The company behind the sea floor cable connecting New Zealand's internet with the rest of the world says Labour's claims of a "catastrophic failure" are wrong.
The Labour Party says the Southern Cross Cable Network suffered the failure on Friday morning, showing how vulnerable the country's communication infrastructure is.
Southern Cross Cable Network is the Bermuda-based company that operates the figure-eight cable link between New Zealand, Australia and the United States, via Fiji and Hawaii.
The "catastrophic" failure - because of an unauthorised and un-notified software change - happened at the Alexandria landing station in NSW on Friday morning, said Labour communications and IT spokeswoman Clare Curran.
"We understand that partial service has been restored by reinstating old circuits via New Zealand. Full restoration is still being worked on."
But Southern Cross said Ms Curran's claims were inaccurate and misleading.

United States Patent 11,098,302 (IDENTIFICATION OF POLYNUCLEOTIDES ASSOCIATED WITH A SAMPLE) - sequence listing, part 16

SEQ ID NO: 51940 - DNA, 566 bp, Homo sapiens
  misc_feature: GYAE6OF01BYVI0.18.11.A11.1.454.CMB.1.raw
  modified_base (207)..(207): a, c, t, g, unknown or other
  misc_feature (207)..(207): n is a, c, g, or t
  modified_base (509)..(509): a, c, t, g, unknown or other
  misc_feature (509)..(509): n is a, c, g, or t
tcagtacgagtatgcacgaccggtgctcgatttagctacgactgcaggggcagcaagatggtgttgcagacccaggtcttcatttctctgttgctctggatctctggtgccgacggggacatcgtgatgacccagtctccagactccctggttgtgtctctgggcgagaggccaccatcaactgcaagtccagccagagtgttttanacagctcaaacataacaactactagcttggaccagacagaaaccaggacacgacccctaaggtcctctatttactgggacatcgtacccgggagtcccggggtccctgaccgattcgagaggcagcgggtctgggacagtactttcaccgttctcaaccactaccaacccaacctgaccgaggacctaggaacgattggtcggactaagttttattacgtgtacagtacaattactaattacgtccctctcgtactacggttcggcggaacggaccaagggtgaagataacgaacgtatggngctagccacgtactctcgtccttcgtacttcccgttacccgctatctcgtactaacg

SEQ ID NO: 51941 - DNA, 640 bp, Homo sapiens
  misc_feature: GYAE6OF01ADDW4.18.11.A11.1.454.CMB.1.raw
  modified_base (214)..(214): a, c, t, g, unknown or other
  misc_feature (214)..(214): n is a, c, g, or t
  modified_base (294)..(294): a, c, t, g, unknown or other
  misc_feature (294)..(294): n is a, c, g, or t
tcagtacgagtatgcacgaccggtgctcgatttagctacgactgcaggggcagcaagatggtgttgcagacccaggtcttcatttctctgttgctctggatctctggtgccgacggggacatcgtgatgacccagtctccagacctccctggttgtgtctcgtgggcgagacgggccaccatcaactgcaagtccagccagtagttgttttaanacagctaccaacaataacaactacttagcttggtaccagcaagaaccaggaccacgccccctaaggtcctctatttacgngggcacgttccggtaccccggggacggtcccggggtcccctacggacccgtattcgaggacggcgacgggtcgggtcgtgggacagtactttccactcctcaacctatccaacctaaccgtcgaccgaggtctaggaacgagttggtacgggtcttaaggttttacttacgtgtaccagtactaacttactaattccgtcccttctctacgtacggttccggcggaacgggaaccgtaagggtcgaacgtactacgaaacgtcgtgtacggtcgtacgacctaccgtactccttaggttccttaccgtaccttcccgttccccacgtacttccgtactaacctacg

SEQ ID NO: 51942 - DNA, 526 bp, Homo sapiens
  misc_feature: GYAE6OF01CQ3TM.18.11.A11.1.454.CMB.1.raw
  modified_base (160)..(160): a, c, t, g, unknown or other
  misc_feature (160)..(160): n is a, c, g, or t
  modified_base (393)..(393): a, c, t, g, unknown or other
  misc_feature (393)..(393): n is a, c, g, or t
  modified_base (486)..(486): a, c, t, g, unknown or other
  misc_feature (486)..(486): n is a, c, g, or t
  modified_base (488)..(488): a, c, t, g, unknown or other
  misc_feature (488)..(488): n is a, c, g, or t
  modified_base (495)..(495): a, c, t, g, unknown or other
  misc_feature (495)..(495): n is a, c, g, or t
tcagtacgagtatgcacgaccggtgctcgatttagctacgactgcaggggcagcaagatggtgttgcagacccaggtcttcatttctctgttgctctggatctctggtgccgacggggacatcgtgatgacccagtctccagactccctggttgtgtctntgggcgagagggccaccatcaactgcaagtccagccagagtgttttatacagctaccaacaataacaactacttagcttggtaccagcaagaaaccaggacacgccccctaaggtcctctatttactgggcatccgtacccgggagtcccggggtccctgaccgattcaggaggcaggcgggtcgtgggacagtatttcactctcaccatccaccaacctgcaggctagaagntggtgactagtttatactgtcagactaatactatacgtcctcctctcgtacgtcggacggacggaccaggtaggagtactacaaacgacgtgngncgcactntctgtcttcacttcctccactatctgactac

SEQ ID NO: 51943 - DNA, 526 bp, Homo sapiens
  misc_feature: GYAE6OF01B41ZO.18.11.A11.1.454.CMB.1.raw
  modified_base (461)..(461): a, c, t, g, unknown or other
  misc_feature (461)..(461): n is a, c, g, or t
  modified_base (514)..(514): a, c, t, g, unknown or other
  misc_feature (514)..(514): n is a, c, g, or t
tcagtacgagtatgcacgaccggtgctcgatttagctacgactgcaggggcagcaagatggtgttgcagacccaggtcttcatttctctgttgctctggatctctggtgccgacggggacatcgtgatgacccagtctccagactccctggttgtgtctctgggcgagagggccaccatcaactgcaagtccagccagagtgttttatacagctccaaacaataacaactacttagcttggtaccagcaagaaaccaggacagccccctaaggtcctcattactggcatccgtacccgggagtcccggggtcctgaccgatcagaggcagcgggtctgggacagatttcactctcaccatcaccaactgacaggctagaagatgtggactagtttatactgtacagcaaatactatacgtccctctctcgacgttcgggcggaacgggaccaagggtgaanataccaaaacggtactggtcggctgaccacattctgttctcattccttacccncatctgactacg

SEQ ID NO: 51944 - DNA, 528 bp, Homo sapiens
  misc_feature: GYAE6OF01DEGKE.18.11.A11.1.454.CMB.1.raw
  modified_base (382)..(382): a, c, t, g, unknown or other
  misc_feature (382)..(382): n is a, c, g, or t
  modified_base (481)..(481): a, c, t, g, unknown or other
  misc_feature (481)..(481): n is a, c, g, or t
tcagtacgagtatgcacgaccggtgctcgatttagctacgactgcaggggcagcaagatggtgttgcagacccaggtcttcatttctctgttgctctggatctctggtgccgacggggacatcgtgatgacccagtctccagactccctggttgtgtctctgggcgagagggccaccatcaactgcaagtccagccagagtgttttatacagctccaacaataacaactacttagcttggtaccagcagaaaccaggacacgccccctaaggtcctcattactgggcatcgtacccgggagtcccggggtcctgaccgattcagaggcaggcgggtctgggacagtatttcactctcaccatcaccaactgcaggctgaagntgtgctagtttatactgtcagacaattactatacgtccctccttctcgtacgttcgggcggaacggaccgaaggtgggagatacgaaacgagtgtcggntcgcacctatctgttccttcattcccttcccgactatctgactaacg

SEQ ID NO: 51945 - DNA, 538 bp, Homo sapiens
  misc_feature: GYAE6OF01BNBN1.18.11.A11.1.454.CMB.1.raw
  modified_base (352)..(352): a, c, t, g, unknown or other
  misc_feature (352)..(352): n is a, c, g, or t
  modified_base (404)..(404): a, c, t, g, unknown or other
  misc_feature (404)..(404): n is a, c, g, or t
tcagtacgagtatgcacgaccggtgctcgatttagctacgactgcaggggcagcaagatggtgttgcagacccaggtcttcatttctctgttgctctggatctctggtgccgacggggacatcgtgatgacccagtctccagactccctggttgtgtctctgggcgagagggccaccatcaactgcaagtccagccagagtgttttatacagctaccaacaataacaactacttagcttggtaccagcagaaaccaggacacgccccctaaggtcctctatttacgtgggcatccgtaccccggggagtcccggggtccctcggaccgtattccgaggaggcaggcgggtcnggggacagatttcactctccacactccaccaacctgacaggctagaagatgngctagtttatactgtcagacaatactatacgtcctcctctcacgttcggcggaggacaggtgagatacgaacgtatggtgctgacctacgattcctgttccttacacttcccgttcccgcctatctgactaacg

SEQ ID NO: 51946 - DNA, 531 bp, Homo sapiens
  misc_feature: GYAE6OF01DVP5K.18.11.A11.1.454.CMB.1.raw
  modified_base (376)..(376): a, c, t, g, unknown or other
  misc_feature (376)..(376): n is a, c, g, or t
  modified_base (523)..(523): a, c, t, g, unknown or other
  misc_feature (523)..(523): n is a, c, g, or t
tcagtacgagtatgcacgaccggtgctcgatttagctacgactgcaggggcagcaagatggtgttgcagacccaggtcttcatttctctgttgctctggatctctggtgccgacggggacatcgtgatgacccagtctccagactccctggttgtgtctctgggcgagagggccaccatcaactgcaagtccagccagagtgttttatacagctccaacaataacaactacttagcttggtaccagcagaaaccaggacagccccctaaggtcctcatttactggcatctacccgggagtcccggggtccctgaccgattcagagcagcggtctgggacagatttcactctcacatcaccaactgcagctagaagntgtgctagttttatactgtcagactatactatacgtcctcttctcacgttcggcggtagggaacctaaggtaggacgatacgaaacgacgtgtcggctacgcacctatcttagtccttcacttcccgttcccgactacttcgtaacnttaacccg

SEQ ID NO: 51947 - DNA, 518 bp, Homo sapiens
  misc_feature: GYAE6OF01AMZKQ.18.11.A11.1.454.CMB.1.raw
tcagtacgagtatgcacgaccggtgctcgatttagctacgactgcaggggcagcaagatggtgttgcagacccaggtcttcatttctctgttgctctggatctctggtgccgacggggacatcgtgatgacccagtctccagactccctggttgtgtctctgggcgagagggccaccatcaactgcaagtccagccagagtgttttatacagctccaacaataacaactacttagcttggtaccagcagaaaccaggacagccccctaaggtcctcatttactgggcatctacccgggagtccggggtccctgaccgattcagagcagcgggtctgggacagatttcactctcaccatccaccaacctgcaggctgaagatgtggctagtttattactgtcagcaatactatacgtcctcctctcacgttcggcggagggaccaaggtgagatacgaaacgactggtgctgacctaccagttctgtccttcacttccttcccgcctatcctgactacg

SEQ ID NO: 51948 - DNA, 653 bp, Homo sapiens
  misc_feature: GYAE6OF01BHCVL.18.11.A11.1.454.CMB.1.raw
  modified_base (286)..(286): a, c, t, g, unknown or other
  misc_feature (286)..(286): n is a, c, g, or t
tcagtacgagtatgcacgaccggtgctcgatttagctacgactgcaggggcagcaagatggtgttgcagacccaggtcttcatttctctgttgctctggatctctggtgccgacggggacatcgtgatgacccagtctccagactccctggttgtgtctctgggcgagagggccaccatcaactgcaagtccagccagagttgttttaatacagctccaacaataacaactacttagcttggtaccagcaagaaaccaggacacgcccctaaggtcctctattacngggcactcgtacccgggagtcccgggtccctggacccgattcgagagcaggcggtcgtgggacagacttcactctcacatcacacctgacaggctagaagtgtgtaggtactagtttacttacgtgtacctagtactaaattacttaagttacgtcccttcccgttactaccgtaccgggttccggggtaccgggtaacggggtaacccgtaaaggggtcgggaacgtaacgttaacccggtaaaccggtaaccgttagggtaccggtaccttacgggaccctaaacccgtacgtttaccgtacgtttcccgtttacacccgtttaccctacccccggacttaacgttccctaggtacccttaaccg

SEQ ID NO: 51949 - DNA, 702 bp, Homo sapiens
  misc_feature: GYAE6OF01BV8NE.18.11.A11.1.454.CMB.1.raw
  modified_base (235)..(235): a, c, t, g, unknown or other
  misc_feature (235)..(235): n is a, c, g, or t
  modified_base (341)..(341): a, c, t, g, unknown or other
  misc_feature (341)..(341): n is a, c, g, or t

Sales and marketing director Ross Pfeffer said upgrade maintenance was being carried out during a low-traffic period when a problem meant there was a limited outage affecting 10 per cent of capacity.
The switch had reverted to the original software. Four customers were affected for just over an hour on Friday morning, he said.
Ms Curran said the incident showed the government's inaction and disregard for international infrastructure could have catastrophic consequences for New Zealand.
A private plan to build a $400 million 13,000km fibre cable between Auckland, Sydney and Los Angeles - dubbed Pacific Fibre - was abandoned in August due to lack of funding.